Advice on my tubular breast correction. (Photo)

I have been reading so many contradictions re subgland vs subpec/Dual, whether the constricted bands should be scored, incision location, use of expanders pre implants. Please see my images attached. It would be great to get some advice. I really want to avoid having high profile/obvious results, or to the 'double bubble'. I am willing to travel to find a surgeon who is confident and experienced in the correction of this deformity. Thanks!!!

Doctor Answers 11

Constricted breast deformity with breast augmentation

Dear klou22,
You do have elements of tuberous breast deformity including tight constricted breast folds with a short distance from fold to nipple and breast tissue pressing into the areolae.  There are many ways to approach the correction and augmentation of the deformity, several of which you have delineated above.  A plastic surgeon certified by the American Board of Plastic Surgery is well versed in all of the techniques.  There really is no contradiction because all of the techniques can be used effectively.  Your particular condition is relatively mild and would likely require less complicated measures.  Good luck!

Options for Tuberous Breasts

Good morning. Thanks for your questionTuberous (tubular) breast can be managed in a number of slightly different ways. I would agree with others that from your pictures you seem to have a constricted breast (without nipple herniation) rather than a true tuberous breast. With that in mind, it is likely your goals could be met with a dual plane, fold incision, shaped device in one step. Radial scoring of the tissue is likely. A firm, form stable implant with full projection will help stretch the lower breast tissue. A lower projection, softer device may not have the force needed for this lower pole effect. Take your time, find an experienced board certified plastic surgeon that you trust and take it from there. Best of luck. Dr Nodwell

Trefor Nodwell, MD
Ottawa Plastic Surgeon
4.4 out of 5 stars 10 reviews

Tuberous Breast Defomity

Yes you have TBD.  I would recommend a smooth round silicone implant placed in a dual plane fashion with radial scoring plus or minus areaola reduction.  I recommend an in-office examination as well as a detailed discussion with a surgeon who you are comfortable with and who is a board-certified Plastic Surgeon certified by the American Board of Plastic Surgery. Best wishes! Dr. Desai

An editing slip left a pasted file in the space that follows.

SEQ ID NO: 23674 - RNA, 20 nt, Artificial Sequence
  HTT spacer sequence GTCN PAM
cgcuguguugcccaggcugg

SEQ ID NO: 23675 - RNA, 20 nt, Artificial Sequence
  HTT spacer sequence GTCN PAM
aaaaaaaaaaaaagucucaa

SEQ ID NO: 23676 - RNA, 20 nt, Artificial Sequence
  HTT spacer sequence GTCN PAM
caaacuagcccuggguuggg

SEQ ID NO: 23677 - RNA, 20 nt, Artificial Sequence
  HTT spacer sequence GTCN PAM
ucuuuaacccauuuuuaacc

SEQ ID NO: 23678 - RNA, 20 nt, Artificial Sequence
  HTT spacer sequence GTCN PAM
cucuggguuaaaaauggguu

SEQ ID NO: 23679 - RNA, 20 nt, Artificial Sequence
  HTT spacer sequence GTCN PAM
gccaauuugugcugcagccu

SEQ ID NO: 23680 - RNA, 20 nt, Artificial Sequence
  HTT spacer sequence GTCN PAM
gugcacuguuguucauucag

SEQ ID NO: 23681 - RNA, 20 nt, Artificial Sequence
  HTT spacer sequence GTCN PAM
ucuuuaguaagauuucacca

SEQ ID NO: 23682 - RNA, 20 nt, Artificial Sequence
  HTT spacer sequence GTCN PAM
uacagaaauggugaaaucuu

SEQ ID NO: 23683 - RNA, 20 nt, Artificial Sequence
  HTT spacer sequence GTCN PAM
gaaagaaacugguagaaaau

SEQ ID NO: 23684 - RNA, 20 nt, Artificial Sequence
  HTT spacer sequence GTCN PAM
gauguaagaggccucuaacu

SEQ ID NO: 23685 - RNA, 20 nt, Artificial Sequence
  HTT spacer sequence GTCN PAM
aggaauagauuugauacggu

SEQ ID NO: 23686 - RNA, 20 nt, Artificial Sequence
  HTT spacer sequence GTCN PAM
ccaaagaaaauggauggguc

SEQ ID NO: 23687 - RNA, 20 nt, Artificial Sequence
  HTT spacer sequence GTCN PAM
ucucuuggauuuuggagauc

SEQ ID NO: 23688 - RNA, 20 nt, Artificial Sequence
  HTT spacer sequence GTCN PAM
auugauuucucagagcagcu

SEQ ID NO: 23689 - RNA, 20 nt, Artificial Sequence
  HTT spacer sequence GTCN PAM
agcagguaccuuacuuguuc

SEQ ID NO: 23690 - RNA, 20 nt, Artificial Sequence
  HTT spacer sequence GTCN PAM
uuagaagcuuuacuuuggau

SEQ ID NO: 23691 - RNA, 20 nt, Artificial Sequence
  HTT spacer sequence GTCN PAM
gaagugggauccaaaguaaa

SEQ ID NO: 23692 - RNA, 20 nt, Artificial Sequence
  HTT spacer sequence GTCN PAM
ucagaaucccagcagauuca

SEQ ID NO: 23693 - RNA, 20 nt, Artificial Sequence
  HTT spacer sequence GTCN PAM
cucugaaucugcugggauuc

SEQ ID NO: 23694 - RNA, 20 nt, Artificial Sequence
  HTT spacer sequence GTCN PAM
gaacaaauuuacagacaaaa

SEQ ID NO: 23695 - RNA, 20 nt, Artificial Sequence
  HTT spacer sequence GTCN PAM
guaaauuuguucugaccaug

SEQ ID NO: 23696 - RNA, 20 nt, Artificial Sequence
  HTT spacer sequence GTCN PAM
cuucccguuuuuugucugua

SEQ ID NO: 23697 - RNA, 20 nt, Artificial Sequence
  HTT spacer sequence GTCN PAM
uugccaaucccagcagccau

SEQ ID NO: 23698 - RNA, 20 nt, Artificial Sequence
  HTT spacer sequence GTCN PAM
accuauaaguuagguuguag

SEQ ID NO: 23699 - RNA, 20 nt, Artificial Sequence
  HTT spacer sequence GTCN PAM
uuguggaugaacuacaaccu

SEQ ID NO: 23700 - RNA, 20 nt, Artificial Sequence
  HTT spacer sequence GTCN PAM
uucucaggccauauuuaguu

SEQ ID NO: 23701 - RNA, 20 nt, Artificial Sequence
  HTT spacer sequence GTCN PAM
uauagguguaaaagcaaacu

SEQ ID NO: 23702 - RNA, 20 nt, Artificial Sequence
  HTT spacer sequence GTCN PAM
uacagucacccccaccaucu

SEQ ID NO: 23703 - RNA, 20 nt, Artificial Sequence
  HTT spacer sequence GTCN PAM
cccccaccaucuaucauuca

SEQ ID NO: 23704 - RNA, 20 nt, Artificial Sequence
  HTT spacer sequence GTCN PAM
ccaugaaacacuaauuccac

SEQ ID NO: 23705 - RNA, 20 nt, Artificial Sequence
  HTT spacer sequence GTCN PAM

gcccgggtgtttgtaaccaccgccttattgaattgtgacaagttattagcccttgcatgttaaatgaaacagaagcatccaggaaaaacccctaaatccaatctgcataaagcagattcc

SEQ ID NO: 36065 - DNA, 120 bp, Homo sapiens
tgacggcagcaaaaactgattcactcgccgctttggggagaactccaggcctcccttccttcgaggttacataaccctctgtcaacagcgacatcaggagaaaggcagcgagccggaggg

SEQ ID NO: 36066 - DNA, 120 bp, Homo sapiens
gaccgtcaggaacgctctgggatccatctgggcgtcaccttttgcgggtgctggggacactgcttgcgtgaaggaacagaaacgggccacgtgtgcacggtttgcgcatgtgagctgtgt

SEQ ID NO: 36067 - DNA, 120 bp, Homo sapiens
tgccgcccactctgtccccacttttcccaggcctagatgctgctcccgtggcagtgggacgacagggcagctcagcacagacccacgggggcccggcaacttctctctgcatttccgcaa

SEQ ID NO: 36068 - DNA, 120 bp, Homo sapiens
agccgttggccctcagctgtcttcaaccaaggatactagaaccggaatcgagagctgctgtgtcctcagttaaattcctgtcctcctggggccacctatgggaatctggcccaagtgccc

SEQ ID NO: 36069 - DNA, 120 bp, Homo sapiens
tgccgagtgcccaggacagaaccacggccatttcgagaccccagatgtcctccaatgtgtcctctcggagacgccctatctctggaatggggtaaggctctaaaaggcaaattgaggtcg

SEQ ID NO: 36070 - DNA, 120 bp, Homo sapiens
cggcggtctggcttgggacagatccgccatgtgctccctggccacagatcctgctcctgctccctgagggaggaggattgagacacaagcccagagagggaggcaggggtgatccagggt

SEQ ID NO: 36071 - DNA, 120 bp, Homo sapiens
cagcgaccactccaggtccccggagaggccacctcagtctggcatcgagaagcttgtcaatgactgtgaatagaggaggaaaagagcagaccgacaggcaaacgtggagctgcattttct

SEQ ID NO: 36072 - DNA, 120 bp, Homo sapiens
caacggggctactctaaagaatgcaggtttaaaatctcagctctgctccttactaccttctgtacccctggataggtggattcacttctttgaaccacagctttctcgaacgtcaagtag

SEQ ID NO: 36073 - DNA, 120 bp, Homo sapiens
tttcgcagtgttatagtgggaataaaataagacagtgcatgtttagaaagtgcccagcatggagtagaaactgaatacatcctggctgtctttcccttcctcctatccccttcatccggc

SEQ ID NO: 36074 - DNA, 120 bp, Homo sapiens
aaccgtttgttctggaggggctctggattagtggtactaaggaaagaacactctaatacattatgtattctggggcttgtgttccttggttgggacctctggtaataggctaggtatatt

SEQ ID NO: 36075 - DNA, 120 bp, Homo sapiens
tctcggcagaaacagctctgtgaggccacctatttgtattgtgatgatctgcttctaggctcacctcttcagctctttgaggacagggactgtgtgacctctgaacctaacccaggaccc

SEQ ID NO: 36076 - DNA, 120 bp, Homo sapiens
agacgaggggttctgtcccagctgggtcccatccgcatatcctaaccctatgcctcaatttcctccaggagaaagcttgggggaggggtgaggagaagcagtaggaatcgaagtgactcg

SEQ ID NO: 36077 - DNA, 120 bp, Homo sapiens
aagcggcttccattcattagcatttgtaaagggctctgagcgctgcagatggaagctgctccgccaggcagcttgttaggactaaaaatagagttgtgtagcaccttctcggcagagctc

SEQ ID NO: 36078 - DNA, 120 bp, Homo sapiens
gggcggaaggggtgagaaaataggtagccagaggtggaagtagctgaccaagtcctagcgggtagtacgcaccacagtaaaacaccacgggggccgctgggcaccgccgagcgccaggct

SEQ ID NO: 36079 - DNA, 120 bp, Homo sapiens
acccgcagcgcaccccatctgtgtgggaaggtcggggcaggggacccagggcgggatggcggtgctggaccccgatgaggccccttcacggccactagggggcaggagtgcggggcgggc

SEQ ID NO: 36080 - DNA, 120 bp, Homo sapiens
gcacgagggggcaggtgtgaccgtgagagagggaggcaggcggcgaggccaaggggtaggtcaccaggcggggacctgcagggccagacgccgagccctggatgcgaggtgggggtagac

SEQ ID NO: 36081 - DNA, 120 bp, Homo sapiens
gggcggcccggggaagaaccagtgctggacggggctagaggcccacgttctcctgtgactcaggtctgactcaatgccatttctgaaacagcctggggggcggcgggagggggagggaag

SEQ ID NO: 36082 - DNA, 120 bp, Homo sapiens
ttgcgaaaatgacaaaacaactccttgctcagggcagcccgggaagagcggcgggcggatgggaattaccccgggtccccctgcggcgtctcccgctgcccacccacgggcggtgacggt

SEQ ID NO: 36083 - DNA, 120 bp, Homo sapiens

Harvard Educated, Beverly Hills & Miami Beach Trained, Double-Board Certified Plastic Surgeon

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Breast Implants/Breast Reduction/Anatomic Gummy Bear Implants/ Silicone Implants/Breast Implant Revision Surgery

I appreciate your question. From your photos, you do appear to have characteristics of tuberous breasts. Constricted or tubular breasts tend to be too narrow with a breast crease that is too high. Tight ring-like bands of tissue around the areolae and nipples may create the appearance of protruding or puffy areolae. A higher than normal breast crease may make your nipples appear to be too low or down pointing. Constricted breast features can be very mild or severe. In fact, mild variations are relatively common. To summarize, the features can include:
  •          Inframammary fold (breast crease) too high
  •          Inframammary fold misshapen
  •          Breasts too narrow (disproportionately narrow base width)
  •          Insufficient breast skin
  •          Constricted or tubular shape, resulting from tight bands of tissue within breasts
  •          Protruding or bulging appearance of areolae (pigmented area around nipples)
Improvement is possible and generally includes a breast augmentation, sometimes combined with a lift (mastopexy). The lift is usually limited to an incision around the areolae. During the procedure, I release the tight, constricting bands from the inside, allowing the skin to expand properly. I also lower the inframammary fold to a more ideal position and improve its shape. Breast implants help create the right amount of volume and improve breast contours, resulting in a more rounded or tear drop shape. The best way to assess and give true advice would be an in-person exam. Please see a board-certified plastic surgeon that specializes in aesthetic and restorative plastic surgery. Best of luck!Dr. Schwartz Board Certified Plastic Surgeon Director-Beverly Hills Breast and Body Institute #RealSelf100Surgeon #RealSelfCORESurgeon